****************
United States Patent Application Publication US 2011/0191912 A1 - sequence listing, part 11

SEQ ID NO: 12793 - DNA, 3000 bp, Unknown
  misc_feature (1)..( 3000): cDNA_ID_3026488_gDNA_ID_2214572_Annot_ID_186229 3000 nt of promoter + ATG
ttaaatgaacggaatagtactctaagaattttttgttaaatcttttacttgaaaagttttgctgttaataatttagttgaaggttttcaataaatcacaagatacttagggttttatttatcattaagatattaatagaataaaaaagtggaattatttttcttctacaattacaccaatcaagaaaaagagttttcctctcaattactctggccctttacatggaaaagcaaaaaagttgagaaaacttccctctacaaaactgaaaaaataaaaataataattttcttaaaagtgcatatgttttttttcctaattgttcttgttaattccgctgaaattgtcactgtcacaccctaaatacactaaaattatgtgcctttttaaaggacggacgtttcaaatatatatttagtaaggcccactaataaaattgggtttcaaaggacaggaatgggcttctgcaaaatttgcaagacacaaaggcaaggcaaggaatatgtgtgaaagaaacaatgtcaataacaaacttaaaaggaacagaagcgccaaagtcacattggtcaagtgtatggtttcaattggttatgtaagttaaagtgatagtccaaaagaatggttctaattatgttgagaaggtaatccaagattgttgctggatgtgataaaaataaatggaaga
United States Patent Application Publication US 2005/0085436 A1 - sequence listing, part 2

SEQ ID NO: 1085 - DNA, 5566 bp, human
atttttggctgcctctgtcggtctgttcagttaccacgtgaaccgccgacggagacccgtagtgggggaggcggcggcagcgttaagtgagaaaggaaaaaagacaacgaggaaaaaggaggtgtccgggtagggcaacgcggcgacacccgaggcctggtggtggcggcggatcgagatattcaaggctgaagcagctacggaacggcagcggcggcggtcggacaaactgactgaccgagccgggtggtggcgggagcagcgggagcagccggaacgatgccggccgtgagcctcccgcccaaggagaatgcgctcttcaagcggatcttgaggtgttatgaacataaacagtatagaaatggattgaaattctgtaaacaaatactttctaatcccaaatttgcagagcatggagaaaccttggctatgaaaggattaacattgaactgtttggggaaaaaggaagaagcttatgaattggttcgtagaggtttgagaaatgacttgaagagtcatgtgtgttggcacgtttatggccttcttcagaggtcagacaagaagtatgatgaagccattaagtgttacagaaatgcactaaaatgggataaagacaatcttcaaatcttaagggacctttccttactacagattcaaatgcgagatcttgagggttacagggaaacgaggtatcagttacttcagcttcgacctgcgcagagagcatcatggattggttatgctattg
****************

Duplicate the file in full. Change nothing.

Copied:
United States Patent Application Publication US 2011/0191912 A1 - sequence listing, part 11

SEQ ID NO: 12793 - DNA, 3000 bp, Unknown
  misc_feature (1)..( 3000): cDNA_ID_3026488_gDNA_ID_2214572_Annot_ID_186229 3000 nt of promoter + ATG
ttaaatgaacggaatagtactctaagaattttttgttaaatcttttacttgaaaagttttgctgttaataatttagttgaaggttttcaataaatcacaagatacttagggttttatttatcattaagatattaatagaataaaaaagtggaattatttttcttctacaattacaccaatcaagaaaaagagttttcctctcaattactctggccctttacatggaaaagcaaaaaagttgagaaaacttccctctacaaaactgaaaaaataaaaataataattttcttaaaagtgcatatgttttttttcctaattgttcttgttaattccgctgaaattgtcactgtcacaccctaaatacactaaaattatgtgcctttttaaaggacggacgtttcaaatatatatttagtaaggcccactaataaaattgggtttcaaaggacaggaatgggcttctgcaaaatttgcaagacacaaaggcaaggcaaggaatatgtgtgaaagaaacaatgtcaataacaaacttaaaaggaacagaagcgccaaagtcacattggtcaagtgtatggtttcaattggttatgtaagttaaagtgatagtccaaaagaatggttctaattatgttgagaaggtaatccaagattgttgctggatgtgataaaaataaatggaaga
United States Patent Application Publication US 2005/0085436 A1 - sequence listing, part 2

SEQ ID NO: 1085 - DNA, 5566 bp, human
atttttggctgcctctgtcggtctgttcagttaccacgtgaaccgccgacggagacccgtagtgggggaggcggcggcagcgttaagtgagaaaggaaaaaagacaacgaggaaaaaggaggtgtccgggtagggcaacgcggcgacacccgaggcctggtggtggcggcggatcgagatattcaaggctgaagcagctacggaacggcagcggcggcggtcggacaaactgactgaccgagccgggtggtggcgggagcagcgggagcagccggaacgatgccggccgtgagcctcccgcccaaggagaatgcgctcttcaagcggatcttgaggtgttatgaacataaacagtatagaaatggattgaaattctgtaaacaaatactttctaatcccaaatttgcagagcatggagaaaccttggctatgaaaggattaacattgaactgtttggggaaaaaggaagaagcttatgaattggttcgtagaggtttgagaaatgacttgaagagtcatgtgtgttggcacgtttatggccttcttcagaggtcagacaagaagtatgatgaagccattaagtgttacagaaatgcactaaaatgggataaagacaatcttcaaatcttaagggacctttccttactacagattcaaatgcgagatcttgagggttacagggaaacgaggtatcagttacttcagcttcgacctgcgcagagagcatcatggattggttatgctattg